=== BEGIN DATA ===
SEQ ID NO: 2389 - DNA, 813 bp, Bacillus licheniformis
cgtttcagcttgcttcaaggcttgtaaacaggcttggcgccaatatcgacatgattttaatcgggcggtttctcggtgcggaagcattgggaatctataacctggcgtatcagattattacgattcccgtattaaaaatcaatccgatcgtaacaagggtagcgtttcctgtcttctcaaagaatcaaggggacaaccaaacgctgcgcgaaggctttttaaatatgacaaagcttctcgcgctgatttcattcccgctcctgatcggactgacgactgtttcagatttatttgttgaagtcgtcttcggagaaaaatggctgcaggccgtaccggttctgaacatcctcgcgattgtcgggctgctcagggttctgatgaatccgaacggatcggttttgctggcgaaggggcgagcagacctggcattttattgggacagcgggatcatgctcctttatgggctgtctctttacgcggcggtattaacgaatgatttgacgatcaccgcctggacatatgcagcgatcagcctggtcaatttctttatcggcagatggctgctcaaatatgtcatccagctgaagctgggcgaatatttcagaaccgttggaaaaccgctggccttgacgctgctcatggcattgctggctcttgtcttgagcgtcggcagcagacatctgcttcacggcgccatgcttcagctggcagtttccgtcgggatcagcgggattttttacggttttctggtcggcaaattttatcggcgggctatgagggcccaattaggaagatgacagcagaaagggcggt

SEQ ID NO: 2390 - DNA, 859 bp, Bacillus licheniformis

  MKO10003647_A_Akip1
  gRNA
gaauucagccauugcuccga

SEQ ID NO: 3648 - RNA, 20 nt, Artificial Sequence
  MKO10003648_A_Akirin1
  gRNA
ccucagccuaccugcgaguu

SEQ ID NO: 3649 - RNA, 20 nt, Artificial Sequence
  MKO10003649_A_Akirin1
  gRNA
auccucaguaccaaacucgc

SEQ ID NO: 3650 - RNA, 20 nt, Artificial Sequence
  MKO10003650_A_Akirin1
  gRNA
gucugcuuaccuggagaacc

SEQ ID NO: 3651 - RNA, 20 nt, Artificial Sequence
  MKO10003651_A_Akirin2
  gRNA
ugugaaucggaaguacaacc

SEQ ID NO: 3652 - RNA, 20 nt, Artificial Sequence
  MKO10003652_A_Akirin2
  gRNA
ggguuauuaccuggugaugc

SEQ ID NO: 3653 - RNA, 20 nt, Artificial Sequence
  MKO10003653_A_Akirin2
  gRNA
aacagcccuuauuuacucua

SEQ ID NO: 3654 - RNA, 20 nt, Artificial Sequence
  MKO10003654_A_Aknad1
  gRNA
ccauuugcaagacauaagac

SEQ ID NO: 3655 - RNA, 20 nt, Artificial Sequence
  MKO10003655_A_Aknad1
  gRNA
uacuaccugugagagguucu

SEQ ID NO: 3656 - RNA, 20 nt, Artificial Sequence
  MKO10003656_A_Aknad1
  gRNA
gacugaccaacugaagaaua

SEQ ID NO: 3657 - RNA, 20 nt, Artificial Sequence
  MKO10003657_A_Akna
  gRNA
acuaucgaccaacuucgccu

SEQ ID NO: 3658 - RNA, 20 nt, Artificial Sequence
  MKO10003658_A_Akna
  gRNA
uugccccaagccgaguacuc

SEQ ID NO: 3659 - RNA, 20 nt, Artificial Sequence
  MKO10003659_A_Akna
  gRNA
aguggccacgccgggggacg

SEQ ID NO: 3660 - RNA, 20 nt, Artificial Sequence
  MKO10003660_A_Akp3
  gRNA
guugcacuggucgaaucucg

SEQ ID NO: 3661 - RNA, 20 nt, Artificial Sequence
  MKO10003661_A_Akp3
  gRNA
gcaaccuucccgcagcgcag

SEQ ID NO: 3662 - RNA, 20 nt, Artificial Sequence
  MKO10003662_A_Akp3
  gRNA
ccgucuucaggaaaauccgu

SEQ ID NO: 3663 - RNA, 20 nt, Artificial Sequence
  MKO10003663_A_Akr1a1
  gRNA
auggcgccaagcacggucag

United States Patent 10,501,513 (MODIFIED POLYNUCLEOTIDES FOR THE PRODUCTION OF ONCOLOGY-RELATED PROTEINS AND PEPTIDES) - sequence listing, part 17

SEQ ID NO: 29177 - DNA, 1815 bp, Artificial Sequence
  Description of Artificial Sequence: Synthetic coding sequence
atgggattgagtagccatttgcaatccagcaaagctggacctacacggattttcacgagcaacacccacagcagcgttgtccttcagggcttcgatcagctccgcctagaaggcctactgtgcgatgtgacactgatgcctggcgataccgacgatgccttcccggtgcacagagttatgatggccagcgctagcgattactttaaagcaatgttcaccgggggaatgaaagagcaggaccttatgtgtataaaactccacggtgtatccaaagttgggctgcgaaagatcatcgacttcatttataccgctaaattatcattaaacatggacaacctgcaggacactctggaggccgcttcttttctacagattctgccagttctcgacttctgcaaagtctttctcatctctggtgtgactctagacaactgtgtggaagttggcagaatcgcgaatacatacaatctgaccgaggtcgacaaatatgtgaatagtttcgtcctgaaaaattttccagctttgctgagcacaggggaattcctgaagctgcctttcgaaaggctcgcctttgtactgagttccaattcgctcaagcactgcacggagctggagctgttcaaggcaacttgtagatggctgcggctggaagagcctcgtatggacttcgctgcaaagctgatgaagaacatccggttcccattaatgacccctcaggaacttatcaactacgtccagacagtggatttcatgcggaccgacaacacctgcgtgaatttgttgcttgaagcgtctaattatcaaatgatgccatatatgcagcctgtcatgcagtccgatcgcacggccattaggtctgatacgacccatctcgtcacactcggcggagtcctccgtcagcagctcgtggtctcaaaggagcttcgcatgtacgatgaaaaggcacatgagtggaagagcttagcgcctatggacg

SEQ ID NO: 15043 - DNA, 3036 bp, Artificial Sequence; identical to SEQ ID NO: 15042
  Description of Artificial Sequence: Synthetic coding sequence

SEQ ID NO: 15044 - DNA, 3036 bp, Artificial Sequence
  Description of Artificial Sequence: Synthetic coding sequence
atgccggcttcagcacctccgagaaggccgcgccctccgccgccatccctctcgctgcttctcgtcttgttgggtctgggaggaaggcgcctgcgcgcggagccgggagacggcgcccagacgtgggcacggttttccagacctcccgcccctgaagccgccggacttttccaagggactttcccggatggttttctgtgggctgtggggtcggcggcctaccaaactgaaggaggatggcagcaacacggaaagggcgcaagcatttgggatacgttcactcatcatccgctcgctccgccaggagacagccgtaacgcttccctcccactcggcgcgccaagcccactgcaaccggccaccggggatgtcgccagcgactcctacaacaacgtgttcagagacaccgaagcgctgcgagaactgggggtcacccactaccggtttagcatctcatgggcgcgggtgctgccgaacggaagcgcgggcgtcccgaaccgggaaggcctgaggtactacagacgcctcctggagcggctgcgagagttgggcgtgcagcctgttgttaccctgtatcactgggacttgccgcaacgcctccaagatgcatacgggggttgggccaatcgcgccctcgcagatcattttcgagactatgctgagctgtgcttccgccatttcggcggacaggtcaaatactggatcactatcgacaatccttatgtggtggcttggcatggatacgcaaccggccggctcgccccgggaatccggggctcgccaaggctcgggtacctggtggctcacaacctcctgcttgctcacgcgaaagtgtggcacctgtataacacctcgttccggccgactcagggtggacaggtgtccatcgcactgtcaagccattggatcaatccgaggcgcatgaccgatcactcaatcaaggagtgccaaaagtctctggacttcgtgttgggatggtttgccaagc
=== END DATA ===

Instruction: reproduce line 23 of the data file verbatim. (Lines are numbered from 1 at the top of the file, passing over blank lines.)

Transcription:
SEQ ID NO: 3652 - RNA, 20 nt, Artificial Sequence